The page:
Problem modernizmu na łamach „Tygodnika Ilustrowanego” w latach 1898–1907
THE PROBLEM OF MODERNISM IN THE WEEKLY TYGODNIK ILUSTROWANY IN 1898–1907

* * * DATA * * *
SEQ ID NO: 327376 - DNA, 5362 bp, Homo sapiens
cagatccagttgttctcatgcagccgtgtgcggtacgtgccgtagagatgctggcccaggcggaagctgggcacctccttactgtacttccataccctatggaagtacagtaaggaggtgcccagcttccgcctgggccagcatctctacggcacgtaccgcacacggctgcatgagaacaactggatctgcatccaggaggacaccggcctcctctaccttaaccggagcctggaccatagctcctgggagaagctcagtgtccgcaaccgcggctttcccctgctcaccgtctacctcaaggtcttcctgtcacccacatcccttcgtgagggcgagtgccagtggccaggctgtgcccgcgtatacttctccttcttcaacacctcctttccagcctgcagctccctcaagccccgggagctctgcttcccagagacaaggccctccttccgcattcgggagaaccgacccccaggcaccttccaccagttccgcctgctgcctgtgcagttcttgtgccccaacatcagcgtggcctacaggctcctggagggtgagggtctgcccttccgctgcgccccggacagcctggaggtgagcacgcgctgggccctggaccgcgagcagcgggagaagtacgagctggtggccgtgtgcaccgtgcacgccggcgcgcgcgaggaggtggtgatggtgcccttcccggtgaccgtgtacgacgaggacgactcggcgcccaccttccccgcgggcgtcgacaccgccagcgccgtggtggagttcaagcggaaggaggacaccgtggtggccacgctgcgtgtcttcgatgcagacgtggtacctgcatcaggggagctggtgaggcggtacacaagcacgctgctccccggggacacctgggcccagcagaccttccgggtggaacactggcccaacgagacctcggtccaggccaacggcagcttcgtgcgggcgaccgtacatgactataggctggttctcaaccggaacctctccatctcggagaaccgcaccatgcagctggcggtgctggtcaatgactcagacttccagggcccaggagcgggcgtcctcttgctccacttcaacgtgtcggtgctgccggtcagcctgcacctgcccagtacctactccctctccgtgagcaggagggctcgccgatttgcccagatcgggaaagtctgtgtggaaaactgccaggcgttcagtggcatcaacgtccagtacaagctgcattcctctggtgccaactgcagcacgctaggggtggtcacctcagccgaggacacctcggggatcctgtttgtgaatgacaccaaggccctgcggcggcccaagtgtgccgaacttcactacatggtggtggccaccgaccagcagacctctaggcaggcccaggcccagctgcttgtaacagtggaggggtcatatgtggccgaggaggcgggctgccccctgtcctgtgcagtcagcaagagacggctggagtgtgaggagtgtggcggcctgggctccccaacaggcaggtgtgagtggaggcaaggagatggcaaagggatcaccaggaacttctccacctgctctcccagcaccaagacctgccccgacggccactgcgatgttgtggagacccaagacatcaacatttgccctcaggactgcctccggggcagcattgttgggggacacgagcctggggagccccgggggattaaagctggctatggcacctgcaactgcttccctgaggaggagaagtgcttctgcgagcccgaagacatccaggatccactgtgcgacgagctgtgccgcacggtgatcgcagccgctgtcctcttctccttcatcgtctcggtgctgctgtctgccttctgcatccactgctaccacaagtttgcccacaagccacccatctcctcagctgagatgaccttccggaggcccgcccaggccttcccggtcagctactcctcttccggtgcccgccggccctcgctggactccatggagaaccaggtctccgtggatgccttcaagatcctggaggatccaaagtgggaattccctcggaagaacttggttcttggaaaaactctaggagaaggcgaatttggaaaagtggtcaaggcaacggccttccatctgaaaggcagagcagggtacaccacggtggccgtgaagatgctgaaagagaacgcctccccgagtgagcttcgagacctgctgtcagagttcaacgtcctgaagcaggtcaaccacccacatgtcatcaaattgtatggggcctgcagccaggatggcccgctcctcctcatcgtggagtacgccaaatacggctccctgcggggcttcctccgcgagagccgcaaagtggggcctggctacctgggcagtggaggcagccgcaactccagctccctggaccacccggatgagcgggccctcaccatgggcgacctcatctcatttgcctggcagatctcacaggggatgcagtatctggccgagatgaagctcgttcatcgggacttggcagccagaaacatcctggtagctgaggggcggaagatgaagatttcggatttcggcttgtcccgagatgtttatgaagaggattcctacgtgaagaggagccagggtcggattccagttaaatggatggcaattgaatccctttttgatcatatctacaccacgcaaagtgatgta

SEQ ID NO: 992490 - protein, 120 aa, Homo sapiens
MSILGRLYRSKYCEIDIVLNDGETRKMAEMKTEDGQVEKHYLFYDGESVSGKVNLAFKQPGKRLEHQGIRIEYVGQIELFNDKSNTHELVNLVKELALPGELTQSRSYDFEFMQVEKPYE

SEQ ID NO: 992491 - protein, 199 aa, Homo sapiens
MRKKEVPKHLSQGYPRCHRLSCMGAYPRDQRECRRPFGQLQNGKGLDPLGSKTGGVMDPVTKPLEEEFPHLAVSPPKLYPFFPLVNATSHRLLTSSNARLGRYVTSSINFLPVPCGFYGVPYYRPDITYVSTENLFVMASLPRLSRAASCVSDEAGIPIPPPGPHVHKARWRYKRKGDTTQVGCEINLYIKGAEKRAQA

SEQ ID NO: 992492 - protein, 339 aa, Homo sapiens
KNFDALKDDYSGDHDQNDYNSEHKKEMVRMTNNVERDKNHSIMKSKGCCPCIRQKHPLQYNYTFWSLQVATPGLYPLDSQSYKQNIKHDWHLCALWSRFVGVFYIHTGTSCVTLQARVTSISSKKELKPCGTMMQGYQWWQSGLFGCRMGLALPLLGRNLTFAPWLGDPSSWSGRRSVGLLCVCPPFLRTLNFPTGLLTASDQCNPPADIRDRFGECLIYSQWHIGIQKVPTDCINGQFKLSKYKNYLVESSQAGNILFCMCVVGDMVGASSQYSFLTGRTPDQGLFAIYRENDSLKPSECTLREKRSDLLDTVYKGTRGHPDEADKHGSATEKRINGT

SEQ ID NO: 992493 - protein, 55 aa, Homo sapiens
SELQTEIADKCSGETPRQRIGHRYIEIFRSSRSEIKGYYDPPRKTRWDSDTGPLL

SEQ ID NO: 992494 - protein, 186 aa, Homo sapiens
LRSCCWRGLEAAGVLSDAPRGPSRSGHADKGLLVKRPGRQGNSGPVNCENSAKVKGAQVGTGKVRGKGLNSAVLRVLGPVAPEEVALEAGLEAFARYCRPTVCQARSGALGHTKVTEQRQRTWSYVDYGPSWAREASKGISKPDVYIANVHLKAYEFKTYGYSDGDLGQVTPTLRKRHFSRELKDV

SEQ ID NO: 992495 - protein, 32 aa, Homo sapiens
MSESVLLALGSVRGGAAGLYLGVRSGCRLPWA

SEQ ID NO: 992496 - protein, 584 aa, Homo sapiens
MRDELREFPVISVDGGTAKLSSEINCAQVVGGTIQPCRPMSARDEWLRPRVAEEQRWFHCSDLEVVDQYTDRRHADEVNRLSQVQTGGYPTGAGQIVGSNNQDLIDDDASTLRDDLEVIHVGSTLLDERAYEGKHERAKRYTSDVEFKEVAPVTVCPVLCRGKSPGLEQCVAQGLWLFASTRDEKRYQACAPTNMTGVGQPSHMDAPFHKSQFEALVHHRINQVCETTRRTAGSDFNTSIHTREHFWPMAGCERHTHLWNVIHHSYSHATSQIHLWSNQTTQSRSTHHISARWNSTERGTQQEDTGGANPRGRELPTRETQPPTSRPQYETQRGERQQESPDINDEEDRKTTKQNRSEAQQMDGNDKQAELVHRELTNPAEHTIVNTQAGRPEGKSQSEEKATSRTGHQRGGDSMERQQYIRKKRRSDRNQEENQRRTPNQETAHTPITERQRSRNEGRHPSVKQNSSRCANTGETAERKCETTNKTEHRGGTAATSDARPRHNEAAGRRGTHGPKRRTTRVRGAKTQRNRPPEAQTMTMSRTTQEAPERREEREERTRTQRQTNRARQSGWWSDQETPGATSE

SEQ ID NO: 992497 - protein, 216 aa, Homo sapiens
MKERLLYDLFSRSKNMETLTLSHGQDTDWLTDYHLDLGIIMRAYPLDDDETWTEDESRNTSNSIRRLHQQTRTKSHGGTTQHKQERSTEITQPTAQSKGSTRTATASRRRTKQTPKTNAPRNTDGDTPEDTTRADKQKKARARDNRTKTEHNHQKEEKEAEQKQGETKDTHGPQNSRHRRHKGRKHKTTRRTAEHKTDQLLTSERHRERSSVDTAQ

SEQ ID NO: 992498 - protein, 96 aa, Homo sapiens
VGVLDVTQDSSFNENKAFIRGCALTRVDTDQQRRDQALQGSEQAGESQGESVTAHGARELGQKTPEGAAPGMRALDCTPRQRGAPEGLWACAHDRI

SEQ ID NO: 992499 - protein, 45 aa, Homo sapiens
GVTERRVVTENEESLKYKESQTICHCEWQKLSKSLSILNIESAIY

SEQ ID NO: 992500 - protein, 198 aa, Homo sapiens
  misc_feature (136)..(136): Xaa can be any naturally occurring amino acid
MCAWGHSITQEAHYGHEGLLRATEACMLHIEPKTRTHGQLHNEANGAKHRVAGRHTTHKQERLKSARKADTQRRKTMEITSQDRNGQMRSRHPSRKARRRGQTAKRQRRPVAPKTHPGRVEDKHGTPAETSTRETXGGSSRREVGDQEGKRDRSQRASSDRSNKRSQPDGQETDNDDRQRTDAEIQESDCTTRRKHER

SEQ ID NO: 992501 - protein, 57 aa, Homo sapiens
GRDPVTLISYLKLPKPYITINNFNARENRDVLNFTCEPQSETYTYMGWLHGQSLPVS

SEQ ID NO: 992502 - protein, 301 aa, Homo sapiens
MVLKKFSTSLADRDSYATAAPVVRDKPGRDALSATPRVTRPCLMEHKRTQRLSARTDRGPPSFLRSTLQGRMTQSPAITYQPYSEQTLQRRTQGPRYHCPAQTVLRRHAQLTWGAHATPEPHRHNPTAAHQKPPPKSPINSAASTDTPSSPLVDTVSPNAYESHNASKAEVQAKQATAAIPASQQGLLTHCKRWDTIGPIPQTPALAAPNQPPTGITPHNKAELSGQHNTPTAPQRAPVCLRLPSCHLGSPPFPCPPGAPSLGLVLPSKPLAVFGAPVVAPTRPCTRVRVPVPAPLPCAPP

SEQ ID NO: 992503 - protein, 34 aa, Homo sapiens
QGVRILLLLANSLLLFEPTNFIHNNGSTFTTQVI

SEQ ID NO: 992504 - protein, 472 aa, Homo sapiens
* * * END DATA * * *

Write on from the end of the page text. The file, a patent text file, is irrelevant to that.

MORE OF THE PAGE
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In the early 1890s the traditional allegiance of the readers of Tygodnik Powszechny to the realistic creed of the Polish Positivism began to falter. As the decade wore on their attention was increasingly attracted by the new, modernist approach to the arts, propagated by Ignacy Matuszewski in Tygodnik Ilustrowany. It was in fact a moderate modernist aesthetics, rooted in conservatism and tailored to fit the tabloid profile of that weekly. Unlike the more highbrow Cracow periodicals Tygodnik Ilustrowany cultivated an image of a moderately progressive magazine with a popular appeal. Its editors sympathized with the ideas of the Young Poland movement and its patriotic and romantic revivalism. Theirs was a modernism stripped of elitist aestheticism and tilted heavily towards a social and national engagement practiced by Stanisław Wyspiański and Stefan Żeromski.
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